Search This Blog

Thursday, November 8, 2012

"Fact-Checkers Howl, but Both Sides Cling to False Ads" -

Maybe THE most important issue for future elections:  How to provide some accountability for truthfulness (or a lack thereof) to the American electorate?

Fact-Checkers Howl, but Both Sides Cling to False Ads -

'via Blog this'

"In his very first television advertisement last year, Mitt Romneyhighlighted the nation’s dire unemployment crisis, its record number of home foreclosures and the rising national debt, and showed video of President Obama delivering this arresting remark: “If we keep talking about the economy, we’re going to lose.”  There was one problem: the quotation was taken so wildly out of context that it turned Mr. Obama’s actual meaning upside-down. The truncated clip came from a speech Mr. Obama gave in 2008 talking about his opponent, Senator John McCain of Arizona. The full quotation? “Senator McCain’s campaign actually said, and I quote, ‘If we keep talking about the economy, we’re going to lose.’ ”, the Pulitzer Prize-winning fact-checking Web site, rated the advertisement “Pants on Fire,” its most deceptive rating possible, but it achieved what the Romney campaign had hoped: people started talking about the sluggish economy and how Mr. Obama’s campaign promises had fallen short. And it set the tone for the campaign that followed, which has often seemed dismissive of fact-checkers.
“We’re not going let our campaign be dictated by fact-checkers,” Neil Newhouse, the Romney campaign’s pollster, said this week during a breakfast discussion at the Republican National Convention in Tampa, Fla., that was sponsored by ABC News and Yahoo News. He said that fact-checkers brought their own sets of thoughts and beliefs to their work, and that the campaign stands behind its ads.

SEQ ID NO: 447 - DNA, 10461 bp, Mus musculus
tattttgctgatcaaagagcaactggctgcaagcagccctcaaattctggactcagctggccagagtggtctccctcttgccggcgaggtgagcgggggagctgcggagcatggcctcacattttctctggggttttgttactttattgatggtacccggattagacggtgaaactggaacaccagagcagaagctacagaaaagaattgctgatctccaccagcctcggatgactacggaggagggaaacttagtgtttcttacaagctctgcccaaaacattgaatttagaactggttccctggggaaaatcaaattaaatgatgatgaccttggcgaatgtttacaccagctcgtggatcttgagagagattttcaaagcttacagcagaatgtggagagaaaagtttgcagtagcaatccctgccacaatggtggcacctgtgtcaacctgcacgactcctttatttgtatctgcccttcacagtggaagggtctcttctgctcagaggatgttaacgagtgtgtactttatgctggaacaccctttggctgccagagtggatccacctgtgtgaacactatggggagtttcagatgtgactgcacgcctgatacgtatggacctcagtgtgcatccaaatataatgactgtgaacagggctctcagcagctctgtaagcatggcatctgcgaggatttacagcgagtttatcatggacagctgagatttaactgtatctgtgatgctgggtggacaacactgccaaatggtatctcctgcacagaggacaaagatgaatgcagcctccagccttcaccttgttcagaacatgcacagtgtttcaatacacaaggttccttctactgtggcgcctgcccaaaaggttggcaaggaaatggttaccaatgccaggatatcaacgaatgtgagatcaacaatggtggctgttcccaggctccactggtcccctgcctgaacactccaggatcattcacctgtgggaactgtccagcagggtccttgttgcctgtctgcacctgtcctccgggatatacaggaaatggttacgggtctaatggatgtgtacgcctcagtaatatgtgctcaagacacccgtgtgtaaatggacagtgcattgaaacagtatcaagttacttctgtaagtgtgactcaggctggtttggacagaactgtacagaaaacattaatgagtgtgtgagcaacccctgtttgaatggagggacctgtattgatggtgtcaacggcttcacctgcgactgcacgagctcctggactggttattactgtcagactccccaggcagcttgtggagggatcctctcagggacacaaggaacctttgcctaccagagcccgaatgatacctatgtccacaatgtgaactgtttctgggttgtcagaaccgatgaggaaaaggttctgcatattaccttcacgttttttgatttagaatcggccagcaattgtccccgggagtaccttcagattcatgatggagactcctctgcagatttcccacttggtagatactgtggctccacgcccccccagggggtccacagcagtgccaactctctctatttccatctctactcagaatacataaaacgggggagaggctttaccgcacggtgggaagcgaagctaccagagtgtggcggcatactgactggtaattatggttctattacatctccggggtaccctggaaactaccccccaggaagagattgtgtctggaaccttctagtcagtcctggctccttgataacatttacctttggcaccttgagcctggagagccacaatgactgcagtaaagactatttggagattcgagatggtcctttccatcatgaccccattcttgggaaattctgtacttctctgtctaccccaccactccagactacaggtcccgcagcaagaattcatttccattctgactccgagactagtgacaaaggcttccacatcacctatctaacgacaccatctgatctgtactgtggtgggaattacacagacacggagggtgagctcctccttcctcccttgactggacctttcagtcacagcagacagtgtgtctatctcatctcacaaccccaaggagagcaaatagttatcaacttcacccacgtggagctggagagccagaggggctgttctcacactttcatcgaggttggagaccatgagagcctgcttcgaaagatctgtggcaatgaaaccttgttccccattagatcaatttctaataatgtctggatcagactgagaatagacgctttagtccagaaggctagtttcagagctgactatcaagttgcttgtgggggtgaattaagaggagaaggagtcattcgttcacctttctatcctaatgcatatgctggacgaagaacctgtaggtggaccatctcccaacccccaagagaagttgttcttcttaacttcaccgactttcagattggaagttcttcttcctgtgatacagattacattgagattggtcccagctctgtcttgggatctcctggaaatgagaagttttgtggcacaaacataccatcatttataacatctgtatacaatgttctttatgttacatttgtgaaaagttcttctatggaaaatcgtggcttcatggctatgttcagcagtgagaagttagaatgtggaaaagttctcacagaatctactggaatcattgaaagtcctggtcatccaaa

Every four years there are lies in campaigns, and at times a blurry line between acceptable political argument and outright sophistry. But recent events — from the misleading statements in convention speeches to television advertisements repeating widely debunked claims — have raised new questions about whether the political culture still holds any penalty for falsehood. 
Brooks Jackson, the director of, a project of the Annenberg Public Policy Center of the University of Pennsylvania, said that at various points this year both sides have blithely gone on repeating statements that were found false. “They don’t care,” he said, “because it gets votes.” The increasingly disaggregated media ecosystem, the diminished trust in traditional news organizations and the rise of social media had made it easier than ever to inject questionable assertions directly into the media bloodstream — and to rebut them.
But while there is arguably more fact-checking now than ever — and, thanks to the Web, more ways to independently check what candidates and campaigns say — verdicts that a campaign has crossed the line are often drowned out by dissent from its supporters, who take it upon themselves to check the checkers...(cont.)"
*A version of this article appeared in print on September 1, 2012, on page A14 of the New York edition with the headline: Fact-Checkers Howl, but Campaigns Seem Attached to Dishonest Ads.

Birmingham Angel Network, LLC's Fan Box